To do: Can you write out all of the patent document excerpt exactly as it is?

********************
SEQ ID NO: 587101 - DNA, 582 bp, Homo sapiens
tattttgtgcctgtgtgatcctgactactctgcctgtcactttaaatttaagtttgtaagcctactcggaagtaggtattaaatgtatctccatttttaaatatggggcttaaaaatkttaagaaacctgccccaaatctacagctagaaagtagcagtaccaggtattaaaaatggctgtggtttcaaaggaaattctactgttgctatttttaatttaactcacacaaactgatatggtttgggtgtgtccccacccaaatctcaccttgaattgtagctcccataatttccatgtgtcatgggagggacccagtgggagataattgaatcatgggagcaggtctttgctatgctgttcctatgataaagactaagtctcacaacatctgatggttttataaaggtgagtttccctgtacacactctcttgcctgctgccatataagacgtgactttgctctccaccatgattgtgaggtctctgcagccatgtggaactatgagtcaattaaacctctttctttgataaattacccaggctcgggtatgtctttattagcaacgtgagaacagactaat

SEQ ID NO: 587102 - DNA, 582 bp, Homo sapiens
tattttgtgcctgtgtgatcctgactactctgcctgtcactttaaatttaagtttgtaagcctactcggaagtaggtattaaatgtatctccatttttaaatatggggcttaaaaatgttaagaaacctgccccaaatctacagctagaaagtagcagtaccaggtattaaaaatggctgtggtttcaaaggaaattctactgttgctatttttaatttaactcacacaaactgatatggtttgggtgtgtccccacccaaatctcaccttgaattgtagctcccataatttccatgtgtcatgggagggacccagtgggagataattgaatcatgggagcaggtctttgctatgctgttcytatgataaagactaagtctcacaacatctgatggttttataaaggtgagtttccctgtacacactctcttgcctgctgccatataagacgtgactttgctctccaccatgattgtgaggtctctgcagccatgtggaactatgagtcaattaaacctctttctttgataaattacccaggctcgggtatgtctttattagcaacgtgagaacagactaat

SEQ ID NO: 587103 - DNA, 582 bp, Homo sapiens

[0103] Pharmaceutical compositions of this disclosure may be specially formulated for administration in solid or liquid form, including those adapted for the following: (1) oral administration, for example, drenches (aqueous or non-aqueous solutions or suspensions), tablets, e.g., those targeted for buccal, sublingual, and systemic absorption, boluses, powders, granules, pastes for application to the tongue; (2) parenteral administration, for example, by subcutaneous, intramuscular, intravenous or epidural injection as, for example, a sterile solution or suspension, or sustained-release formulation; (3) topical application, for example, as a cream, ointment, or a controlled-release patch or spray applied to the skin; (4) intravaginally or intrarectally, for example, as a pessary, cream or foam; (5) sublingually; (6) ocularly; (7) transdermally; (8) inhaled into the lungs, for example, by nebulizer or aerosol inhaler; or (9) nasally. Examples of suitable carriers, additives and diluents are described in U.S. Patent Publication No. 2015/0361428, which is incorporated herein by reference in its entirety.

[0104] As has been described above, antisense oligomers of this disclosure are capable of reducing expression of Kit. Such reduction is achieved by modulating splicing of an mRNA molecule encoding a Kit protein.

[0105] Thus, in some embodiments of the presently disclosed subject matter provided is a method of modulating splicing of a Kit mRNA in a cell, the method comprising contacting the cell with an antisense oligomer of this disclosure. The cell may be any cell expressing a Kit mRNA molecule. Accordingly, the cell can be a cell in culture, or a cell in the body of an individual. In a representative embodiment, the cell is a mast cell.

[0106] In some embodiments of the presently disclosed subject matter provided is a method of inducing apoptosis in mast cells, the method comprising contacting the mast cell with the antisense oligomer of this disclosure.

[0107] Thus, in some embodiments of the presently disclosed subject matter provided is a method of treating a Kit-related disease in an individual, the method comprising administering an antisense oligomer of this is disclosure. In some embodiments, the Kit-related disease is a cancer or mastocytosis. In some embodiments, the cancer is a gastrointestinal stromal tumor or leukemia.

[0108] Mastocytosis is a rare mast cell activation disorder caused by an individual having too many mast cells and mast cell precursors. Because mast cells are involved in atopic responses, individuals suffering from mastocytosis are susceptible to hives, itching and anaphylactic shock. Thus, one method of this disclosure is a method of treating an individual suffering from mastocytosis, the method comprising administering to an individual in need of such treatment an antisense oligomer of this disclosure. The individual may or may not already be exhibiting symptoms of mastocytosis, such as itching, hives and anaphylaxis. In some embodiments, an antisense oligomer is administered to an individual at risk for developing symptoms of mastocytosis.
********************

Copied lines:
SEQ ID NO: 587101 - DNA, 582 bp, Homo sapiens
tattttgtgcctgtgtgatcctgactactctgcctgtcactttaaatttaagtttgtaagcctactcggaagtaggtattaaatgtatctccatttttaaatatggggcttaaaaatkttaagaaacctgccccaaatctacagctagaaagtagcagtaccaggtattaaaaatggctgtggtttcaaaggaaattctactgttgctatttttaatttaactcacacaaactgatatggtttgggtgtgtccccacccaaatctcaccttgaattgtagctcccataatttccatgtgtcatgggagggacccagtgggagataattgaatcatgggagcaggtctttgctatgctgttcctatgataaagactaagtctcacaacatctgatggttttataaaggtgagtttccctgtacacactctcttgcctgctgccatataagacgtgactttgctctccaccatgattgtgaggtctctgcagccatgtggaactatgagtcaattaaacctctttctttgataaattacccaggctcgggtatgtctttattagcaacgtgagaacagactaat

SEQ ID NO: 587102 - DNA, 582 bp, Homo sapiens
tattttgtgcctgtgtgatcctgactactctgcctgtcactttaaatttaagtttgtaagcctactcggaagtaggtattaaatgtatctccatttttaaatatggggcttaaaaatgttaagaaacctgccccaaatctacagctagaaagtagcagtaccaggtattaaaaatggctgtggtttcaaaggaaattctactgttgctatttttaatttaactcacacaaactgatatggtttgggtgtgtccccacccaaatctcaccttgaattgtagctcccataatttccatgtgtcatgggagggacccagtgggagataattgaatcatgggagcaggtctttgctatgctgttcytatgataaagactaagtctcacaacatctgatggttttataaaggtgagtttccctgtacacactctcttgcctgctgccatataagacgtgactttgctctccaccatgattgtgaggtctctgcagccatgtggaactatgagtcaattaaacctctttctttgataaattacccaggctcgggtatgtctttattagcaacgtgagaacagactaat

SEQ ID NO: 587103 - DNA, 582 bp, Homo sapiens

[0103] Pharmaceutical compositions of this disclosure may be specially formulated for administration in solid or liquid form, including those adapted for the following: (1) oral administration, for example, drenches (aqueous or non-aqueous solutions or suspensions), tablets, e.g., those targeted for buccal, sublingual, and systemic absorption, boluses, powders, granules, pastes for application to the tongue; (2) parenteral administration, for example, by subcutaneous, intramuscular, intravenous or epidural injection as, for example, a sterile solution or suspension, or sustained-release formulation; (3) topical application, for example, as a cream, ointment, or a controlled-release patch or spray applied to the skin; (4) intravaginally or intrarectally, for example, as a pessary, cream or foam; (5) sublingually; (6) ocularly; (7) transdermally; (8) inhaled into the lungs, for example, by nebulizer or aerosol inhaler; or (9) nasally. Examples of suitable carriers, additives and diluents are described in U.S. Patent Publication No. 2015/0361428, which is incorporated herein by reference in its entirety.

[0104] As has been described above, antisense oligomers of this disclosure are capable of reducing expression of Kit. Such reduction is achieved by modulating splicing of an mRNA molecule encoding a Kit protein.

[0105] Thus, in some embodiments of the presently disclosed subject matter provided is a method of modulating splicing of a Kit mRNA in a cell, the method comprising contacting the cell with an antisense oligomer of this disclosure. The cell may be any cell expressing a Kit mRNA molecule. Accordingly, the cell can be a cell in culture, or a cell in the body of an individual. In a representative embodiment, the cell is a mast cell.

[0106] In some embodiments of the presently disclosed subject matter provided is a method of inducing apoptosis in mast cells, the method comprising contacting the mast cell with the antisense oligomer of this disclosure.

[0107] Thus, in some embodiments of the presently disclosed subject matter provided is a method of treating a Kit-related disease in an individual, the method comprising administering an antisense oligomer of this is disclosure. In some embodiments, the Kit-related disease is a cancer or mastocytosis. In some embodiments, the cancer is a gastrointestinal stromal tumor or leukemia.

[0108] Mastocytosis is a rare mast cell activation disorder caused by an individual having too many mast cells and mast cell precursors. Because mast cells are involved in atopic responses, individuals suffering from mastocytosis are susceptible to hives, itching and anaphylactic shock. Thus, one method of this disclosure is a method of treating an individual suffering from mastocytosis, the method comprising administering to an individual in need of such treatment an antisense oligomer of this disclosure. The individual may or may not already be exhibiting symptoms of mastocytosis, such as itching, hives and anaphylaxis. In some embodiments, an antisense oligomer is administered to an individual at risk for developing symptoms of mastocytosis.